The unique climate of cool fog and windy conditions in the Santa Lucia Highlands makes for an especially long grape growing season encouraging great wines in the American Viticulture Appellation.
By Michelle M. Winner
It’s six A.M and my breakfast companions, some lively cormorants and seagulls, are diving among the pilings and rocks into the gray deep of Monterey Bay, California. Whole colonies of birds are circling above as the fog and cool ocean breezes blow onshore. I am about to take a ride some miles inland to learn about the new-ish and not too discovered AVA called Santa Lucia Highlands or SLH, which owes the quality of its wines in part to this very fog and wind.
The AVA of SLH
Rising warm air from the southern end of the Salinas Valley pulls the cool breezes off the Bay southeastward into the valley at the base of the Santa Lucia Mountains. Night fog gives way to sunny mornings and later brisk, warm air currents will reach the Santa Lucia Highlands (SLH). Sometimes winds kick up into a frenzy in the afternoon. But all of this is a good thing in the SLH AVA. The unique SLH climate of cool fog and windy conditions in a semi-arid environment make for an especially long grape growing season encouraging full phenolic development in this American Viticulture Appellation.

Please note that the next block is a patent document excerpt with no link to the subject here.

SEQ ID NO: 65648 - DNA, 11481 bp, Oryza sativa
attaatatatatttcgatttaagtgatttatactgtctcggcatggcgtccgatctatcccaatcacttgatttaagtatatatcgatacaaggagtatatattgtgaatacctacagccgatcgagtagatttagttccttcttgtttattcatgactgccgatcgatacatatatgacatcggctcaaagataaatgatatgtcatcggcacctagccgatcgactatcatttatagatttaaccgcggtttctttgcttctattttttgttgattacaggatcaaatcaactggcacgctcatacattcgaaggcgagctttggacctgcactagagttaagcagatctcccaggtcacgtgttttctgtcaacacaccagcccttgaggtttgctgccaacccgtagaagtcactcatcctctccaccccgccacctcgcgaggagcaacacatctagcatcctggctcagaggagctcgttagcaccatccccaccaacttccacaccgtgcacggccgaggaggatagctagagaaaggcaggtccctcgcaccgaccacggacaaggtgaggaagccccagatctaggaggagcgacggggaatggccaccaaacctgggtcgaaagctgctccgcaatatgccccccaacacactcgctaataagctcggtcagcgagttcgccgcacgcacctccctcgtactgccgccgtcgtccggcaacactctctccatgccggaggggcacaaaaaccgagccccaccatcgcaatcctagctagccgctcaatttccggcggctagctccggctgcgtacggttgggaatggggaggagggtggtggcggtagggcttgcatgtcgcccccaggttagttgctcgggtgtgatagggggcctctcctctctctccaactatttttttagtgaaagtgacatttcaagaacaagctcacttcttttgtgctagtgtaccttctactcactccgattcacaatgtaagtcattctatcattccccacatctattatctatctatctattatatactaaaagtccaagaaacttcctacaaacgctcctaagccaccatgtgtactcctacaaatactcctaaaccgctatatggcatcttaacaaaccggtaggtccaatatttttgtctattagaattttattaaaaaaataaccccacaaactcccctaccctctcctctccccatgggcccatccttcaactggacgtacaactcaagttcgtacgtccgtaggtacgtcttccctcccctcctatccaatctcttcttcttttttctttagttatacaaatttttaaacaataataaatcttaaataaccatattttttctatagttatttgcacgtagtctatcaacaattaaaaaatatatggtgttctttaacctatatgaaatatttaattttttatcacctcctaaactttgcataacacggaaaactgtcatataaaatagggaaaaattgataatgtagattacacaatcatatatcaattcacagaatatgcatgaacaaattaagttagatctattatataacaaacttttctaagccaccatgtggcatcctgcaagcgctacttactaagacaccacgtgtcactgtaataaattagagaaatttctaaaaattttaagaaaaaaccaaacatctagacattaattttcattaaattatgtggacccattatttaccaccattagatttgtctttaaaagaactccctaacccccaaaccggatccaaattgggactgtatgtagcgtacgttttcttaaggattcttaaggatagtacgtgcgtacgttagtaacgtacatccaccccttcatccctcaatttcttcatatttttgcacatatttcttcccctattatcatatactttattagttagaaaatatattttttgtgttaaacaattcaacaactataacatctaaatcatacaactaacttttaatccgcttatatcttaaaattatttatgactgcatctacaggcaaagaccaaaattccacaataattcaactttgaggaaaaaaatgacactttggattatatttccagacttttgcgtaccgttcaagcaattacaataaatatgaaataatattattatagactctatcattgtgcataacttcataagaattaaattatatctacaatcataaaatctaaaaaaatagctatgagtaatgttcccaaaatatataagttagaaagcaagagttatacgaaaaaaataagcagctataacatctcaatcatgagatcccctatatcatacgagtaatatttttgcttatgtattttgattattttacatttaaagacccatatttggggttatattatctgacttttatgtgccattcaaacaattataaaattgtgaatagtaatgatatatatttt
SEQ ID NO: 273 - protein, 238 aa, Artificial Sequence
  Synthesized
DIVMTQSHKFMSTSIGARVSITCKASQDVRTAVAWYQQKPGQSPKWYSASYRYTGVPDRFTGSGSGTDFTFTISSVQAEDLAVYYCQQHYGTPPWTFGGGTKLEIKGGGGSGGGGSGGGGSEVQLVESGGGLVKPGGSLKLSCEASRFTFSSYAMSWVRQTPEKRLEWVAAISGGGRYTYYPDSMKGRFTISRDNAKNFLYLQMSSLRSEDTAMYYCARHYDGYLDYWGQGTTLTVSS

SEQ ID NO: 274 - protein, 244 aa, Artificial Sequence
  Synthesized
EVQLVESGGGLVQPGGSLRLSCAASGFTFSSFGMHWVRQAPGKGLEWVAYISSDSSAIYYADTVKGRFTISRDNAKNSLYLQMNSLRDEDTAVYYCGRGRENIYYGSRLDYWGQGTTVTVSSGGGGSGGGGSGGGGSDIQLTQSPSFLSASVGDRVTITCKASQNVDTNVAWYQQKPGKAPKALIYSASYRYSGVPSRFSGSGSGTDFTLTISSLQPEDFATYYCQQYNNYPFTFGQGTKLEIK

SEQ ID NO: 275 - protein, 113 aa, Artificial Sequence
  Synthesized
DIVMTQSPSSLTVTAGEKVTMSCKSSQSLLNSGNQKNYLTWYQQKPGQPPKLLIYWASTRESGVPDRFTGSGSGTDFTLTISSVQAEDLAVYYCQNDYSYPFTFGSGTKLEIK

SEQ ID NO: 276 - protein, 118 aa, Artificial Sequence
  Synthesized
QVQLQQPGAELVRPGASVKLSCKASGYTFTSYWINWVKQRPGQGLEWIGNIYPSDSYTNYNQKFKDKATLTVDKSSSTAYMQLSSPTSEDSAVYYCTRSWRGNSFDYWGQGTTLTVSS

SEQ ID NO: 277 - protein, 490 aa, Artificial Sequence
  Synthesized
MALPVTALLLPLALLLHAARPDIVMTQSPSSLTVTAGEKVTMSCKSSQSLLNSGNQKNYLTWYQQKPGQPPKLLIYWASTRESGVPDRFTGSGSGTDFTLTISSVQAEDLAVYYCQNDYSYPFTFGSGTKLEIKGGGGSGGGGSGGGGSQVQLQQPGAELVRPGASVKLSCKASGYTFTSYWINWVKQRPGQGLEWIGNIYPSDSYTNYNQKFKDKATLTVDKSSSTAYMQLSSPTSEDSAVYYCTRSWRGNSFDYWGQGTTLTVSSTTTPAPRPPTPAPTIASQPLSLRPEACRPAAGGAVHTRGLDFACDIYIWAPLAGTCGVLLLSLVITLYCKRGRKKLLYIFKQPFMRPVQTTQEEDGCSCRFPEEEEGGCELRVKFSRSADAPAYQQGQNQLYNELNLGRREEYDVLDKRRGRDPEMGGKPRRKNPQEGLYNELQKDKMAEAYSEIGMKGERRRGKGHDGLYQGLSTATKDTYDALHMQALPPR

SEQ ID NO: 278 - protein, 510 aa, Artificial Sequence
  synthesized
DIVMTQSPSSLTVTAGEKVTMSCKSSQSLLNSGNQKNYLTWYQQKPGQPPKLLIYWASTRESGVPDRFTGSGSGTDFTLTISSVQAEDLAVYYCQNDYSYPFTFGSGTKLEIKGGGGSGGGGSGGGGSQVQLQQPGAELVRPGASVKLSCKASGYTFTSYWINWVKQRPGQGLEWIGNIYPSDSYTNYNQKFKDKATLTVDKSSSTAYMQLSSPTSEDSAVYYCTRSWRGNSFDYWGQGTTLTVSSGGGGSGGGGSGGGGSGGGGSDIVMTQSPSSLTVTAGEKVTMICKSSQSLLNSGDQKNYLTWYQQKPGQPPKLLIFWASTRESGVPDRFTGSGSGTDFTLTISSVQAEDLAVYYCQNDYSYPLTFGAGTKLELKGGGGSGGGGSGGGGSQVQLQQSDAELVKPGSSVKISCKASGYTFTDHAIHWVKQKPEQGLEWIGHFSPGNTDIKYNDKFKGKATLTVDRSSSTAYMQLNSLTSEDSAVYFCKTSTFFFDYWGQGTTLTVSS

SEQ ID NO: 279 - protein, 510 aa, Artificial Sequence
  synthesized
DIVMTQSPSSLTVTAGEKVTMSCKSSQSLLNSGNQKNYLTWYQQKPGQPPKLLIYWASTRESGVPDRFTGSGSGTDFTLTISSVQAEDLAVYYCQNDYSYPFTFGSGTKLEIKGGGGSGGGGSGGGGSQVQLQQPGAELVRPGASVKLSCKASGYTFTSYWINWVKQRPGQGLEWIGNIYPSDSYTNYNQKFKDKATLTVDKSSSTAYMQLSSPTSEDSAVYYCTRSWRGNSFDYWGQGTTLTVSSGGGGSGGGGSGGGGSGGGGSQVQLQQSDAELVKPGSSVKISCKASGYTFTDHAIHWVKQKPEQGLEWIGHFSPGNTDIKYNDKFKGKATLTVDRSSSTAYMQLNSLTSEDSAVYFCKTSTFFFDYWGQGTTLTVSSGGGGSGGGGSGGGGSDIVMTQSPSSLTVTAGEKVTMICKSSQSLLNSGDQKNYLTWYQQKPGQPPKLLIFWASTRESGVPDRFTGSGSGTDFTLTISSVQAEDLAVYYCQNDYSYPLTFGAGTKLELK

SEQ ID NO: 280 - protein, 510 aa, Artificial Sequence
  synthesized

The vast, dusty valley floor of the Salinas Valley is a major agricultural growing region for lettuce, peppers, kale, broccoli and other vegetables because of underground aquifers. In the 1790’s Spanish missions successfully cultivated vinifera here to provide wine for the table and Catholic mass. Not too long ago cattle and horse ranches dotted the hills. But it wasn’t until the 1980’s that the AVA SLH was proposed, finally receiving the designation in 1991 due to the efforts of many valley wine pioneers including Nicky Hahn, Rich Smith, and Phil Johnson. The SLH AVA is not a large one. It is less than eighteen miles long and much of the 22,000 total acreage is un-plantable mountain range. Over 50 wineries have six thousand acres planted; 3,100 in Pinot Noir and 2,000 in Chardonnay, with the remaining acreage in Riesling, Syrah, Pinot Gris, Viognier, Sauvignon Blanc, Malbec, Gewurtztraminer, Grenache Noir, Muscat Canelli, Roussanne, Grenache Blanc and a few other varieties.